The Effect of Growing Regulatory Enforcement on Financial Institutions

Regulatory bodies worldwide are tightening their grip on compliance, putting violators in a world of hurt.

For instance, take the EU GDPR — even though 800+ fines have been imposed since 2018, enforcement was initially slow. But between July 2020 and 2021, there was a significant increase in the number and size of fines, amounting to a 113.5% surge.

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The biggest penalties for GDPR violation were levied on:

 

  • Amazon — $877 million
  • Google – $56.6 million
  • H&M — $41 million
  • British Airways – $26 million

 

Failing to comply with KYC and AML regulations is also leading to serious consequences. From 1st April to 30th June 2021, twenty-five banks were fined a staggering $722,275,805 globally.

The worst offenders include:

 

  • Dutch bank ABN Amro — $574 million
  • Swiss bank Julius Baer — $79 million
  • Norwegian bank DNB ASA — $48.1 million

The Imminent Basel IV

Since the 2007- 08 financial crisis, financial institutions have had to follow agreed-upon sets of regulations and compliance standards, known as the Basel Accords. Since December of 2017, financial institutions in the EU have had to comply with Basel III, and by January 2023, Basel IV will be enforced.

Business executives are expected to implement appropriate technical and organisational measures to maintain compliance in the ever-changing landscape.

Financial regulations and compliance are becoming more difficult due to:

Continuously changing international regulations

The compliance function is becoming especially more demanding for small- and medium-sized institutions that have weaker compliance departments. They will be mandated to bolster their operations by training their professionals, increasing their working proficiency and leveraging IT tools that will help automate and streamline their regulatory activities.

 

Increased effort for risk management

Basel III put more pressure on financial institutions for proper detection, measuring and reporting risks, and Basel IV will continue to emphasise risk mitigation. As emergent risks increase, financial institutions will have to evolve the way they work, leverage innovation and technology and become more cost-efficient to meet increasing regulations.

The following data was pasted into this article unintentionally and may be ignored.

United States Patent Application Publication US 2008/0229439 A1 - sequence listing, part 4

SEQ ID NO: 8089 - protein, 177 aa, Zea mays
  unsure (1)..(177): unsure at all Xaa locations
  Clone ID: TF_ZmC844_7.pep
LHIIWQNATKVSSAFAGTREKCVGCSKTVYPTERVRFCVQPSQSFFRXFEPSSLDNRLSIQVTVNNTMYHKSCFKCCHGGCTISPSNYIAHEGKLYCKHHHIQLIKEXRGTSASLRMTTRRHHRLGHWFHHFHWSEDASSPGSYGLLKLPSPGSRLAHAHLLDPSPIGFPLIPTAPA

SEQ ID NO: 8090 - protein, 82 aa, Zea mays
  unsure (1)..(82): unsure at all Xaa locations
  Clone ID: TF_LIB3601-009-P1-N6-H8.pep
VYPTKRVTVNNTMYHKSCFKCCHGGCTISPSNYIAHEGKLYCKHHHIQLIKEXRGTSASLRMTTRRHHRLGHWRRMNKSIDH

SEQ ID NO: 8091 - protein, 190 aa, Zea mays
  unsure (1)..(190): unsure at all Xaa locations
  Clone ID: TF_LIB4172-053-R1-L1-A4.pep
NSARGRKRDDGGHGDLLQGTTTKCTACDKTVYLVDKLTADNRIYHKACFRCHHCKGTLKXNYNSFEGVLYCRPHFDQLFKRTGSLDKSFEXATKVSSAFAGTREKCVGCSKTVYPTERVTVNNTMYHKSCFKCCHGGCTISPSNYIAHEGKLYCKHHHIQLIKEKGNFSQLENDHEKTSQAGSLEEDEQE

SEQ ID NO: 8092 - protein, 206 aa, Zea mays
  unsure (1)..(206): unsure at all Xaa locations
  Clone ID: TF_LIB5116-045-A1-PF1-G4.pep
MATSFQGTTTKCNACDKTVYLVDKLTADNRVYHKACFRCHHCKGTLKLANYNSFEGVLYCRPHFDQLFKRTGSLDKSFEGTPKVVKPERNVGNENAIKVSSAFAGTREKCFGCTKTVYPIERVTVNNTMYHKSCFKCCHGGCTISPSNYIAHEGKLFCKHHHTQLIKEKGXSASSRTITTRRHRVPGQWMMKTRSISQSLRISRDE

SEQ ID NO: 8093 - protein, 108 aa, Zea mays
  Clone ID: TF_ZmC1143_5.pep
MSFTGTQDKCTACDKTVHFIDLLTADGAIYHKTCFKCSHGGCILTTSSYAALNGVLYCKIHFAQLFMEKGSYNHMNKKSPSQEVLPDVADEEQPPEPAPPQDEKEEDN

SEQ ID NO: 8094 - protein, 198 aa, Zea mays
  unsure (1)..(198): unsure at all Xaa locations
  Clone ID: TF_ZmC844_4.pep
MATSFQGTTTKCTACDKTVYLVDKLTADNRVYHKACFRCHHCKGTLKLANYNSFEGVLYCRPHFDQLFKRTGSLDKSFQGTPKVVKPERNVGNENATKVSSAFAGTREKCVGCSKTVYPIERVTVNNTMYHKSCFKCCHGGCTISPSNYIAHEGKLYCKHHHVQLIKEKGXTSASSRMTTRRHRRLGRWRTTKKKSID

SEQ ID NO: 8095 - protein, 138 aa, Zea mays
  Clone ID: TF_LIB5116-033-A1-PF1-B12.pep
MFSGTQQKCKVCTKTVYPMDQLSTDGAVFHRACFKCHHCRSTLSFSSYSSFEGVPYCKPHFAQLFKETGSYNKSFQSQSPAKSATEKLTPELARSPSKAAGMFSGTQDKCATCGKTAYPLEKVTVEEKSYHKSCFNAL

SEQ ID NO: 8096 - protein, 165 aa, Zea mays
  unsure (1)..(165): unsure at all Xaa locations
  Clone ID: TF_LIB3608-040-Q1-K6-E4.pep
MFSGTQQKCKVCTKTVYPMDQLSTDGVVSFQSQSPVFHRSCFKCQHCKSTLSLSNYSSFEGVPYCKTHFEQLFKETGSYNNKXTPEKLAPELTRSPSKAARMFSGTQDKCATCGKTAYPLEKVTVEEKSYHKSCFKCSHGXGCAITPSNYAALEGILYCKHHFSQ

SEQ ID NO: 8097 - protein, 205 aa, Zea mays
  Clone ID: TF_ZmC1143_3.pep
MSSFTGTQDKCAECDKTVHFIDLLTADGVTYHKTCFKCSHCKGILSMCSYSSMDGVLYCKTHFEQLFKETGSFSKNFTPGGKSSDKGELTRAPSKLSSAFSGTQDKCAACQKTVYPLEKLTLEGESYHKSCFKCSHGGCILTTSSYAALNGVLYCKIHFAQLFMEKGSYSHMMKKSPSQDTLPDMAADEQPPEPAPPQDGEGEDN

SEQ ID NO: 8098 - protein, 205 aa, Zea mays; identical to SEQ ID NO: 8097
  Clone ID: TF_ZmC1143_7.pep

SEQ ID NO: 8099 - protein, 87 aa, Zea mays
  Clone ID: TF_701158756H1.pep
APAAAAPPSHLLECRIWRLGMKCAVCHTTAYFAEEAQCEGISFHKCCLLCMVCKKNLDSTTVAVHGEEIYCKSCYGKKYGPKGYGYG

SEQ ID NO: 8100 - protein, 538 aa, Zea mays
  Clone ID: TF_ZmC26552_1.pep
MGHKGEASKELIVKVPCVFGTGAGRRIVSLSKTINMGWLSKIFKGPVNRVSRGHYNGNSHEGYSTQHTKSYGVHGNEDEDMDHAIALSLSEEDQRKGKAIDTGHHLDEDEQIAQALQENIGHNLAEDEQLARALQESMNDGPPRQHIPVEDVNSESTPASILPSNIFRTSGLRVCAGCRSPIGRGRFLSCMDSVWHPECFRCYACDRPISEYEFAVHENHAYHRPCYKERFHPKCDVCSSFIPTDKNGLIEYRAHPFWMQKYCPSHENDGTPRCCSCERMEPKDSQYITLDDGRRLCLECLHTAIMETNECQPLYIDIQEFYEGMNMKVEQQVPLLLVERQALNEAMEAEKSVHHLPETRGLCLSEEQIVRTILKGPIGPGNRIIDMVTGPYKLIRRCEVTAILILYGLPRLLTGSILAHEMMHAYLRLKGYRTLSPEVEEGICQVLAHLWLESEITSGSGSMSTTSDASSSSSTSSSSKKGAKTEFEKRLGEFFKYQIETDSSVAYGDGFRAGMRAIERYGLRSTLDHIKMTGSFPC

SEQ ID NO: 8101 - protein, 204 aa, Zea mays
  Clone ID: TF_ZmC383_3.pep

Financial institutions being made liable in money laundering scams

Even when banks or financial institutions are not aware of playing a role in laundering money, they are held liable. In 2016, for instance, in the “Russian Laundromat” — an international money laundering scheme — the Deutsche Bank was involved. Although it was unaware of illicit activities, the bank could face penalties for non-compliance with AML laws, and its senior management could risk prosecution.

 

Greater focus on reporting

Reporting for financial institutions is a convoluted and demanding process as standards vary with jurisdiction. Each jurisdiction the financial institution operates in will have its own reporting standards, which banks are required to carry out.

Enforcement of GDPR requirements

Data storage and management is a significant compliance project for banks and financial institutions. As GDPR is more assiduously enforced, institutions will have to become even more careful about how they handle large quantities of personal information.

On the other hand, banks that are able to demonstrate GDPR compliance will augment customer trust and engagement.


The forthcoming Basel IV will require detailed disclosure of reserves and other financial statistics from banks, making controlling regulations manually even more difficult.

Curiously, last year ABN Amro doubled the size of its team dedicated to detecting and investigating suspicious transactions. The Dutch bank was still liable for a staggering $574 million fine.

This indicates that simply adding to an organisation’s risk management roles will not guarantee compliance — especially as the regulatory sector moves away from manual processes and into standardised machine executable forms.


Financial industry business leaders not only need to adopt regulatory technology, but also need to train their employees with new capabilities.

 

Register for the Cambridge RegTech: AI for Financial Regulation, Risk, and Compliance programme to gain a foundational understanding of how technologies like AI and ML can help your institution remain compliant with constantly changing regulations and prevent business losses.

Cambridge RegTech: AI for Financial Regulation, Risk, and Compliance Programme is delivered as part of a collaboration with University of Cambridge Judge Business School and Esme Learning. All personal data collected on this page is primarily subject to the Esme Learning Privacy Policy.

 

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